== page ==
Sunbed use among subjects at high risk of melanoma: An Italian survey after the ban

I. Stanganelli, S. Gandini, S. Magi, L. Mazzoni, M. Medri, V. Agnoletti, L. Lombi, F. Falcini

Research output: Contribution to journalArticlepeer-review

Abstract

Background The World Health Organization classified the entire ultraviolet (UV) spectrum and artificial UV tanning devices as carcinogenic to humans. Italian law has prohibited the use of tanning equipment by children under 18 years of age and by high-risk populations. Objectives The present large survey aimed to determine the prevalence of current sunbed use in Italy and to identify user characteristics. This study identifies starting points for future national interventions to reduce the health risks of exposure to artificial UV radiation. Methods In 2011 we conducted a survey of 4703 people in an area on the sunny Mediterranean coast in Italy. Through multivariate logistic models we investigated the associations of sunbed use with phenotypical factors. Results Overall prevalence of sunbed use was 20%, higher among women (22% vs. 16%; P <0·0001), and young (22% vs. 17% for age <35 years; P <0·0001) and highly educated people (22% vs. 14%; P <0·0001). Subjects at high risk of melanoma used sunbeds significantly more; i.e. people with freckles (25% vs. 18%; P <0·0001), red hair (30% vs. 19%; P = 0·01) or fair eyes (22% vs. 19%; P = 0·006). Associations were confirmed in multivariate models. Conclusions More skin cancer monitoring is needed at tanning centres, and educational campaigns should be promoted, especially for young women and subjects at high risk of melanoma. What's already known about this topic? Solar ultraviolet (UV) radiation is the main environmental risk factor for the development of skin cancer, which is the most common cancer in white populations. In 2009, the International Agency for Research on Cancer classified the entire UV spectrum and artificial UV tanning devices as group 1 carcinogens for humans. Artificial UV radiation was significantly associated with melanoma and nonmelanoma skin cancer using a meta-analytical approach. What does this study add? This is one of the first surveys to show a higher prevalence of sunbed use in groups at risk for skin cancer. This study identifies starting points for future national interventions to reduce the health risks of exposure to artificial UV and for monitoring implementation of directives that in many countries have prohibited the use of tanning equipment by children under 18 years of age and high-risk populations.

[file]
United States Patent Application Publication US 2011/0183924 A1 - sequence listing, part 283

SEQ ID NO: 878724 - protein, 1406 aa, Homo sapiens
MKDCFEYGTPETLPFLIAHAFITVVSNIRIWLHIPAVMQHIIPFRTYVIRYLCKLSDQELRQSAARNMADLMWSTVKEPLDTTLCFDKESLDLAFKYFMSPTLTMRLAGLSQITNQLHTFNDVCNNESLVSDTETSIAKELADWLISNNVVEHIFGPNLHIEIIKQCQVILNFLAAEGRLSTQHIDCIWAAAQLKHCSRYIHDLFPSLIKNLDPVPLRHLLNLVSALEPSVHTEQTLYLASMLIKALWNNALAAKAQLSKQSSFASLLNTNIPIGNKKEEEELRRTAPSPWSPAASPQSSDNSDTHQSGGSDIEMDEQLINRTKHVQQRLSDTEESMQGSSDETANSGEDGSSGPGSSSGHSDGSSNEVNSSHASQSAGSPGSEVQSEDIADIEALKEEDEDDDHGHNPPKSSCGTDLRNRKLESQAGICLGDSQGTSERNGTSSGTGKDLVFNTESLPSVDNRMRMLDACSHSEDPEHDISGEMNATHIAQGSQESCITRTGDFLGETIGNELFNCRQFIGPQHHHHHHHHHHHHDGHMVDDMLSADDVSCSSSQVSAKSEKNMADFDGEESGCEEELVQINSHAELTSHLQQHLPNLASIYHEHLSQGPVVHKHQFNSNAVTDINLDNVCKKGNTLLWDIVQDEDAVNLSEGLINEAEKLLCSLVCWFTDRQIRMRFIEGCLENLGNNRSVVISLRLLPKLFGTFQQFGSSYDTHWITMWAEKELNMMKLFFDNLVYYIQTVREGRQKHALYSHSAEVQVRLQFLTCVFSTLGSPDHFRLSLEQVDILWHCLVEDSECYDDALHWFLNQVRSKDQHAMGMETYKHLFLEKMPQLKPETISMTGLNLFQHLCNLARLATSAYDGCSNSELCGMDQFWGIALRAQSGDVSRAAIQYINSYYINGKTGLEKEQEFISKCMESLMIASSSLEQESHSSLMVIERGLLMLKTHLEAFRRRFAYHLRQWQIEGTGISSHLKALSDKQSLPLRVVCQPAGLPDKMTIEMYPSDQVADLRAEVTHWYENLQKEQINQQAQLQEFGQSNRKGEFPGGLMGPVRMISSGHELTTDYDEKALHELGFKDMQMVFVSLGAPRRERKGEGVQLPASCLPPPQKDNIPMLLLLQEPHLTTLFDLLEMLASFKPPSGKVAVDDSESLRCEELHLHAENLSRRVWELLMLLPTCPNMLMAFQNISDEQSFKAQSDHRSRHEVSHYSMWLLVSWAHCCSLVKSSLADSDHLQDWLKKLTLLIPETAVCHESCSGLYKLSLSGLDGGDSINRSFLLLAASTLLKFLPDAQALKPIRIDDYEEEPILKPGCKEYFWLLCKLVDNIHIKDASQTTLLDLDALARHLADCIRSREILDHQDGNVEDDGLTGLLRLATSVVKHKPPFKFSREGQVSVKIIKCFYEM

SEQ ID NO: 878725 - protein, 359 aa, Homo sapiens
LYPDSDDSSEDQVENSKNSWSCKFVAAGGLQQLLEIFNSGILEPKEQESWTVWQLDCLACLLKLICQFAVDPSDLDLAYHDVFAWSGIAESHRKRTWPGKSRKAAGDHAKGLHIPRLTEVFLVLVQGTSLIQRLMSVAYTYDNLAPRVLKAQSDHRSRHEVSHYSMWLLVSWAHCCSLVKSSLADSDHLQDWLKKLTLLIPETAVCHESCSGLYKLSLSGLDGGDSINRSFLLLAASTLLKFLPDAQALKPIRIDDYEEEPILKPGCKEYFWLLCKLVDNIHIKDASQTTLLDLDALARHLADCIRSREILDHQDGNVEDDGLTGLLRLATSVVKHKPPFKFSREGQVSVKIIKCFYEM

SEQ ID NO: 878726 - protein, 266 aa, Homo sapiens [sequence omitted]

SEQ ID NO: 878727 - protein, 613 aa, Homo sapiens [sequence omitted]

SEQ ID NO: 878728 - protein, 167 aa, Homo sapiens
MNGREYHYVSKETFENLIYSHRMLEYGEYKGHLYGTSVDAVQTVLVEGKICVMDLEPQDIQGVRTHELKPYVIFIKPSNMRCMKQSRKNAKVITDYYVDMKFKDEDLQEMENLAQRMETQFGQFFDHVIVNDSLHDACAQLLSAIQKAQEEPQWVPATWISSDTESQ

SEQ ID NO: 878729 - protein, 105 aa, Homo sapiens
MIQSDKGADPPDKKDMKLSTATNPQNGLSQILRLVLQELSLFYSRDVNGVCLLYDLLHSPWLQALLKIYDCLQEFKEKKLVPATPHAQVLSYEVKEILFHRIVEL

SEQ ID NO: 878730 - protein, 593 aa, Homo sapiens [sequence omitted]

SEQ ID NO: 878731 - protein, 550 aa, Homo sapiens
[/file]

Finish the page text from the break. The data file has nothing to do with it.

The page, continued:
Original languageEnglish
Pages (from-to)351-357
Number of pages7
JournalBritish Journal of Dermatology
Volume169
Issue number2
DOIs
Publication statusPublished - Aug 2013

ASJC Scopus subject areas

  • Dermatology

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